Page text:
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Comparing and Syncing Data using SQL…

Comparing and Syncing Data using SQL Data Compare Command Line

Robert Sheldon demonstrates how to start automating data comparisons between two databases, from the Windows command line or PowerShell. With a single command, you can easily compare and sync data such as test data sets, or static data used for reference or lookup purposes.

Guest post

This is a guest post from Robert Sheldon.

After being dropped 35 feet from a helicopter and spending the next year recovering, Robert Sheldon left the Colorado Rockies and emergency rescue work to pursue safer and less painful interests—thus his entry into the world of technology. He is now a technical consultant and the author of numerous books, articles, and training material related to Microsoft Windows, various relational database management systems, and business intelligence design and implementation. He has also written news stories, feature articles, restaurant reviews, legal summaries, and the novels 'Last Stand' and 'Dancing the River Lightly'. You can find more information at http://www.rhsheldon.com.

During database development, the team will need a way to keep the latest development database updated with any changes in static/reference data, or to automatically sync data across multiple test databases to ensure consistent test results.

To implement the syncing operation, you can create a script that runs whenever it’s necessary to update the data. This might be part of a scheduled operation or kicked off on-demand when data needs to be changed. The script can include a SQL Data Compare CLI command that carries out the comparisons and synchronizations.

Before you deploy the script, however, you should first build and test the CLI command, running it against two test databases to ensure you get the correct results. To demonstrate how this works, I walk you through that process in this article, providing examples of how to compare and sync two test databases with similar schemas but different data.

Getting started with the SQL Data Compare CLI

SQL Data Compare is a tool for comparing ‘static’ data in a source database and a target database, and then generating a ‘sync’ script that will make the data in the target the same as it is in the source. Although mainly used for comparing low volume, static data sets, you can also compare and sync transactional data sets as long as they’re relatively small, or they’re large but have a relatively small number of different rows. It supports SQL Server 2008 and later, as well as Microsoft Azure SQL Database and SQL Server on Amazon RDS.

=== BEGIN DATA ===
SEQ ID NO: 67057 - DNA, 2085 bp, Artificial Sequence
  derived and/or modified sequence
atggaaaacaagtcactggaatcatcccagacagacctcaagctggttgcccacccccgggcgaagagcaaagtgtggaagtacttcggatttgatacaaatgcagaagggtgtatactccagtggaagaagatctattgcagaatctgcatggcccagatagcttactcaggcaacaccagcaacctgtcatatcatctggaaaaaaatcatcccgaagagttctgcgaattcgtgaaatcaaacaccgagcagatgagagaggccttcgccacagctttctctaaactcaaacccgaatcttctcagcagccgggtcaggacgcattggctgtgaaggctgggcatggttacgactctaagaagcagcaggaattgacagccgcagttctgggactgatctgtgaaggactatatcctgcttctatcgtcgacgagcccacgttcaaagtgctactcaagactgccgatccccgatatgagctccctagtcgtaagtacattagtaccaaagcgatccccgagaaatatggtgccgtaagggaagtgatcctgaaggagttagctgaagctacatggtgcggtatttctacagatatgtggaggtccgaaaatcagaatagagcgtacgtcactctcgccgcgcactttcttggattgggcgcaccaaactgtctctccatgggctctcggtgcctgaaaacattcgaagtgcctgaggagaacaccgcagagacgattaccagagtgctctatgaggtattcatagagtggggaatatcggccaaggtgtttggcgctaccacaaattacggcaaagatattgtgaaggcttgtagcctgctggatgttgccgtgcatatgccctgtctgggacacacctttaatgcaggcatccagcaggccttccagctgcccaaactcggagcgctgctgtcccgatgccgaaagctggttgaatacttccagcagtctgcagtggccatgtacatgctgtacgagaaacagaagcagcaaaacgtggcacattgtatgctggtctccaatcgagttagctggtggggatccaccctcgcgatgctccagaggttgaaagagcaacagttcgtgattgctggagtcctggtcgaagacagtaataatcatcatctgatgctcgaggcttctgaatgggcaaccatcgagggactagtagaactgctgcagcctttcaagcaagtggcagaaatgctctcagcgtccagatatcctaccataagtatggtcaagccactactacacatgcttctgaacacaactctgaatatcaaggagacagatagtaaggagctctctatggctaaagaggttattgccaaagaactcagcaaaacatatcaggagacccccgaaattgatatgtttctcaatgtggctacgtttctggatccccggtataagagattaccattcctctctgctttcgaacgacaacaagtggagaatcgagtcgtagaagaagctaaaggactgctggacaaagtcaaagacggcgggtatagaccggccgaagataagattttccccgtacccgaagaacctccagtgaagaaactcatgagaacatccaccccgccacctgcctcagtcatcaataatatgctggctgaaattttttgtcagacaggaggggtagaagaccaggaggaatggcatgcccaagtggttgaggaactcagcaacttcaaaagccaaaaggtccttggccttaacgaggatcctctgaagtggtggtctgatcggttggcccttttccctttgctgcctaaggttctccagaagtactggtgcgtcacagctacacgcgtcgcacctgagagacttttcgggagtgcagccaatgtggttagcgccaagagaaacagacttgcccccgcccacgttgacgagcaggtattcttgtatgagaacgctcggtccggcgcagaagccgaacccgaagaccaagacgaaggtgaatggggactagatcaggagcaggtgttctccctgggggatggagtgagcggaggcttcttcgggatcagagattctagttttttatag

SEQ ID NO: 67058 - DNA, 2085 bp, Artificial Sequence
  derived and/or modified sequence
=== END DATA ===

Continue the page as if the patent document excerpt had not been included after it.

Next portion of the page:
The SQL Data Compare installation includes a command-line interface (CLI) that provides many of the same features as the GUI, which I’ve described in a previous article Using SQL Data Compare to Sync Reference Data, while offering a valuable alternative for quickly comparing databases, automating updates, scheduling operations, and deploying multiple databases. You can run the SQL Data Compare CLI directly from a Windows or PowerShell command prompt or call it from a script or compiled language. The CLI executable, SQLDataCompare.exe, is located in the SQL Data Compare installation folder. On my system, this is the following folder:

C:\Program Files (x86)\Red Gate\SQL Data Compare 14\

You can add the installation folder to the Windows PATH environment variable to make it easier to run the utility at a command prompt without having to specify the folder.

Data Compare CLI on Linux (beta)

You can also use the CLI on Linux. delivered through a Docker container, which you can access through Docker Hub. Linux support is still in beta at time of writing.

To run a CLI command at a command prompt, just specify the name of the utility, sqldatacompare, followed by one or more switches (parameters). A good way to check whether you can run the CLI is to create a command that uses the /Help switch:

sqldatacompare /Help

The following figure shows part of the results, which includes details about each switch available to CLI commands, a description of what it does, and its alias.

Data Compare Cmdline help

You can specify multiple switches when you run a command. For example, the following command adds the /Verbose switch to return more detailed help-related information:

sqldatacompare /Help /Verbose

You can also specify that a command’s output be saved to a file, rather than being displayed in the console. For example, the following command adds the output to the help.htm file and saves the file to the C:\DataFiles\SqlDataCompare\ folder:

sqldatacompare /Help /Verbose /Html > "C:\DataFiles\SqlDataCompare\help.htm"

The command now includes the /Html switch, which instructs the CLI to format the output as HTML. This is followed by a right arrow (>), which tells the CLI to redirect the output to the specified file. In this case, the file path is enclosed in quotes; however, those are necessary only if the path contains spaces and, in those cases, will ensure that the utility can still read the command correctly.

Normally, you can specify switches in any order within a command. However, when you use an arrow to redirect the output, you must specify the arrow and path at the end of the CLI command. The following figure shows part of the results in the help.htm file. Notice that the information includes the exit codes, which is a result of using the /Verbose switch.

Verbose Help

That’s all there is to running a CLI command. The trick is to make sure you get the switches right. With that in mind, let’s look at how to compare data in two databases.

Comparing two SQL Server databases

To keeps things simple for this article, the databases are in a single SQL Server instance, but the process is the same regardless of where the databases are housed. In this case, the goal is to compare and sync specific tables in two tests databases: Widget3 and Widget4. (You can download the script for creating the databases and adding sample data here.)